Peter Henschel … On Learning

Learning is fundamentally social. Learning is really a matter of changing identity, not just acquiring knowledge. That knowledge is integrated in the life of communities. When people develop and share values, perspectives, and ways of doing things, they create a community of practice. The challenge to all of us in education, on behalf of students and organizations, is to create, negotiate, nurture, and sustain the communities of practice in which effective learning takes place.

(Peter Henschel, 1949-2002)


The Writing Spirit

Feather Pen with WordsThis is a wondefully inspirational video about the spirit of writing, with tips and commentary from some of the world’s well known writers and best known philosophers. They share with us not only advice about writing – but sound advice about life itself!

For example, Sir Ken Robinson tells us “your best insurance for the future is to really think hard about the things you’d like to do and the life you would like to lead now.” Or, as Gary Zukav says “your life is a co-creative endeavour, but you make the choices.”


What is Success?

Ralph Waldo Emerson

Ralph Waldo Emerson

In a recent post for our BJ Seminars International blog, The Sky is Falling, I finished with a quote by Ralph Waldo Emerson.

This reminded me of another piece, attributed to Emerson, entitled “Success”. I remember being inspired by it many years ago, so searched for it again. You may also have come across it in your travels:

To laugh often and much;
To win the respect of intelligent people and the affection of children;
To earn the appreciation of honest critics and endure the betrayal of false friends;
To appreciate beauty,
To find the best in others,
To leave the world a bit better, whether by a healthy child,
A garden patch or a redeemed social condition;
To know even one life has breathed easier because you have lived.
This is to have succeeded.

But you may imagine my surprise, when searching on the web for these words, to learn that Emerson is not in fact the author!

[Read more…]


Why Does Writing Matter?

I’ve just finished reading Anne Lamott’s book Bird By Bird.

Anne is a published author who also teaches others how to write. Bird By Bird is a distillation of what she has learned about writing and ‘being a writer’ throughout her life.  It’s a witty, warm and practical read for anyone who writes – or who wants to write.

The last segment of the book resonated so strongly for me, that I decided to share it here.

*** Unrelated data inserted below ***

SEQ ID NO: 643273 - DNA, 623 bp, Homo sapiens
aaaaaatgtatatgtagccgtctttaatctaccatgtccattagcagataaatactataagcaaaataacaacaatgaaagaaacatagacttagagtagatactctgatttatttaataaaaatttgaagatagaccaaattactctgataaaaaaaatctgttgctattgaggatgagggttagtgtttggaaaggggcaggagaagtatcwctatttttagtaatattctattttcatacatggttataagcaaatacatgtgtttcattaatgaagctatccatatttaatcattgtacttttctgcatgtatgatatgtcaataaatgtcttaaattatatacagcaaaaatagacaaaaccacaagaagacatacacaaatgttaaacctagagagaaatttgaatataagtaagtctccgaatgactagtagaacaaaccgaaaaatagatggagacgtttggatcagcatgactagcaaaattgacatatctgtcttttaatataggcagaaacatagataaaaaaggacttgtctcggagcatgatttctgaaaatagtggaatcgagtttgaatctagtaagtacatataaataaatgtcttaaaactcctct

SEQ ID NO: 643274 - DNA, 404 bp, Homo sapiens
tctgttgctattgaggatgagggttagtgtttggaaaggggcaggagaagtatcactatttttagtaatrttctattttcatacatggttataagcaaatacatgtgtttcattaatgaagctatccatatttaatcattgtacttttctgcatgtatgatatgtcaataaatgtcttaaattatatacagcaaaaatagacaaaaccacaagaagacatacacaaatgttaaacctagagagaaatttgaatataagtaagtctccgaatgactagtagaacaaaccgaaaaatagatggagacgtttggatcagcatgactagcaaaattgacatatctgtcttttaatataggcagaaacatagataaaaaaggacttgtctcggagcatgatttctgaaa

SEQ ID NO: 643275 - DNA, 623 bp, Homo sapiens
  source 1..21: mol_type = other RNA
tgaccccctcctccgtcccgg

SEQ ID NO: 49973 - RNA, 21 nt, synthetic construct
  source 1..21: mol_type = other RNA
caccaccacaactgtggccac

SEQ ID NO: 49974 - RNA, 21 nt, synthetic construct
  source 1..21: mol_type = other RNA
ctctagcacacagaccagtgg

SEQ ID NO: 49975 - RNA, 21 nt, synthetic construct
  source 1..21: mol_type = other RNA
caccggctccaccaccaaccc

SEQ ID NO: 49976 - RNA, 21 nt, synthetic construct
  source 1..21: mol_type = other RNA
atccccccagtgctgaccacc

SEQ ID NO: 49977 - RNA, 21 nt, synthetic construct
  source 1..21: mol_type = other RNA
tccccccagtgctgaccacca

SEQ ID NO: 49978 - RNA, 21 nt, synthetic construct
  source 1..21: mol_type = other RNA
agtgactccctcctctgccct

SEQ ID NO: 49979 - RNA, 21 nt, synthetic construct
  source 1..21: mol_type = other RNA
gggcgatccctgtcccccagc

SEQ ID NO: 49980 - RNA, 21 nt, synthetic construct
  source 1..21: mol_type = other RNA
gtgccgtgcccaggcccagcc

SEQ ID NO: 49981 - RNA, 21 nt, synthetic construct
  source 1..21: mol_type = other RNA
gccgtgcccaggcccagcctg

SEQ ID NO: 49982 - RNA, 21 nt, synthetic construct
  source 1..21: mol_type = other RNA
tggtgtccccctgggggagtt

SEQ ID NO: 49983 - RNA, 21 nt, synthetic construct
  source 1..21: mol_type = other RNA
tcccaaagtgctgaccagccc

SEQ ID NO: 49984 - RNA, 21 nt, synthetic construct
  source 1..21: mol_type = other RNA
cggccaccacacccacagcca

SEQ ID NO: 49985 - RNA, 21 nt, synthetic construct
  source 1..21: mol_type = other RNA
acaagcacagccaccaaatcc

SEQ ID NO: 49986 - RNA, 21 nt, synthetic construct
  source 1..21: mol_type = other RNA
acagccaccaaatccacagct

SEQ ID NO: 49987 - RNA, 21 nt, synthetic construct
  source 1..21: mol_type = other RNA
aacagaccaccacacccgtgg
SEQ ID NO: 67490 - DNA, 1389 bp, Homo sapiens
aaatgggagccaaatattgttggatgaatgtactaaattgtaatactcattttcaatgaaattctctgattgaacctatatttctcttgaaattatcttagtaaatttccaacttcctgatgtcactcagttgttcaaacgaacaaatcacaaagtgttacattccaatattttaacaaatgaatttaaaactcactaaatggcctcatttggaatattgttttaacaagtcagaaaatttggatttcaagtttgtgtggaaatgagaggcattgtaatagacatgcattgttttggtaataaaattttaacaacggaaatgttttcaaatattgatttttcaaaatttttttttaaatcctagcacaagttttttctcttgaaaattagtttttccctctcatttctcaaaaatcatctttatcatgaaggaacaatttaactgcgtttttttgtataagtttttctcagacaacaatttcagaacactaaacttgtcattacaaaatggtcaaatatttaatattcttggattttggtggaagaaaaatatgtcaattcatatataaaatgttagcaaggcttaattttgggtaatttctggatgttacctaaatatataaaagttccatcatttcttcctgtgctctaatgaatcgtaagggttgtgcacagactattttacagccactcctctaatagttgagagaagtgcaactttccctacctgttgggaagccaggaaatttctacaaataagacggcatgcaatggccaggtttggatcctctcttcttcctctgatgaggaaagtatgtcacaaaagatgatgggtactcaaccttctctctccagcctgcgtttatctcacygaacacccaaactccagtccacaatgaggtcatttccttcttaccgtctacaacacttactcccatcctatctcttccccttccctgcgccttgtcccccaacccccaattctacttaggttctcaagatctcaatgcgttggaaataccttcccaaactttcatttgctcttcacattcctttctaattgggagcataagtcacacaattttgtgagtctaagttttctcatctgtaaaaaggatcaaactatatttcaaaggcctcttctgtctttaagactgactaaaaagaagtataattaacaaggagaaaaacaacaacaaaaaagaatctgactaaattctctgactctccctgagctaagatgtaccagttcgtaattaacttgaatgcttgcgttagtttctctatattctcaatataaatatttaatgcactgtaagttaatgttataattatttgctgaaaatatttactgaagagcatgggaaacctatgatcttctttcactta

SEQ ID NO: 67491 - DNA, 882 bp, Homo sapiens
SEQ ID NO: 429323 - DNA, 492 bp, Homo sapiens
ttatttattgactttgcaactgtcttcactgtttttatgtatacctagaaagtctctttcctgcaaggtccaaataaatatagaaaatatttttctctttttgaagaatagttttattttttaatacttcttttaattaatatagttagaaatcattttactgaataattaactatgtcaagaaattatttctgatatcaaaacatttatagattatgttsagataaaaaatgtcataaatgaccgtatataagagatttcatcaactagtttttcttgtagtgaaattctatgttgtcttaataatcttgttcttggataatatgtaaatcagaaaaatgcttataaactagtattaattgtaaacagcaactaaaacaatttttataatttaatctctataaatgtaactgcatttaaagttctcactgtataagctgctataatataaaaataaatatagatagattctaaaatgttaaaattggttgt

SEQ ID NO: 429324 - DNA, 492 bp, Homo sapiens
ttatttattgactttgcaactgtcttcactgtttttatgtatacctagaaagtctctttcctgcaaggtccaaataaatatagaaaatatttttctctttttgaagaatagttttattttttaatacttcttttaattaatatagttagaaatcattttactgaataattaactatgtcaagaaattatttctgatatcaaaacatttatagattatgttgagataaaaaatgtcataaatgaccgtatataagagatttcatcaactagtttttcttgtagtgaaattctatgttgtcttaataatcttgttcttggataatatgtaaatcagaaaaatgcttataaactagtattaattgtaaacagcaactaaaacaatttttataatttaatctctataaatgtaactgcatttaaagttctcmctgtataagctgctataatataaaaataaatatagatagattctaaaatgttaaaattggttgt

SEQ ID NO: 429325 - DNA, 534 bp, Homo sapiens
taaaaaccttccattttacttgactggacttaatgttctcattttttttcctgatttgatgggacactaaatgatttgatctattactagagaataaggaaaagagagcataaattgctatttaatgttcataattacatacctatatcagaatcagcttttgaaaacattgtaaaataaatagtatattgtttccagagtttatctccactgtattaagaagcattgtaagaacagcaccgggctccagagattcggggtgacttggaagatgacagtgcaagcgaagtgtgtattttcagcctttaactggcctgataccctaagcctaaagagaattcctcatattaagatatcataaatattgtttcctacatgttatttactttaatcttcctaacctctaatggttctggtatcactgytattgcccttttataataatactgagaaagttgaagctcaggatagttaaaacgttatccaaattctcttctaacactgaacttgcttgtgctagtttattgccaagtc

When Anne’s students ask “So why does our writing matter, again?”, this is her answer:

boat_in_stormBecause of the spirit … Because of the heart. Writing and reading decrease our sense of isolation. They deepen and widen and expand our sense of life: they feed the soul. When writers make us shake our heads with the exactness of their prose and their truths, and even make us laugh about ourselves or life, our buoyancy is restored. We are given a shot at dancing with, or at least clapping along with, the absurdity of life, instead of being squashed by it over and over again. It’s like singing on a boat during a terrible storm at sea. You can’t stop the raging storm, but singing can change the hearts and spirits of the people who are together on the ship.

For me her words were an affirmation and a confirmation.

So I’ll keep writing, keep reading – and have my shot at dancing with the absurdity of life.

Who wants to sail and sing with me? :)


I Don’t Know

I’ve been listening to a lovely song by Lisa Hannigan, called I Don’t Know.

I’m  inspired to reflect yet again on the importance of connecting with other people and listening to their stories.

When I meet you, I don’t know anything about you.

I don’t know what your special gifts are; I don’t know what challenges you most. I don’t know what you like or what you don’t like to do.

I don’t know what joys and pains have carved out your being. And I don’t know what makes your spirit soar.

I don’t know until I listen to your story. Until I bring open ears and an open heart to time spent with you. I don’t know until I ask. And, as Alan Alda once said:

The difference between listening and pretending to listen, I discovered, is enormous. … Real listening is a willingness to let the other person change you. When I’m willing to let them change me, something happens between us that’s more interesting than a pair of duelling monologues.

Here’s Lisa Hannigan singing I Don’t Know:

I also love the way that Lisa, as she sings, cuts paper to make a beautiful world out of the blank room in which she begins.

For me it was a reminder that listening to your story also helps me build my own world – because listening to your story helps me re-story my own.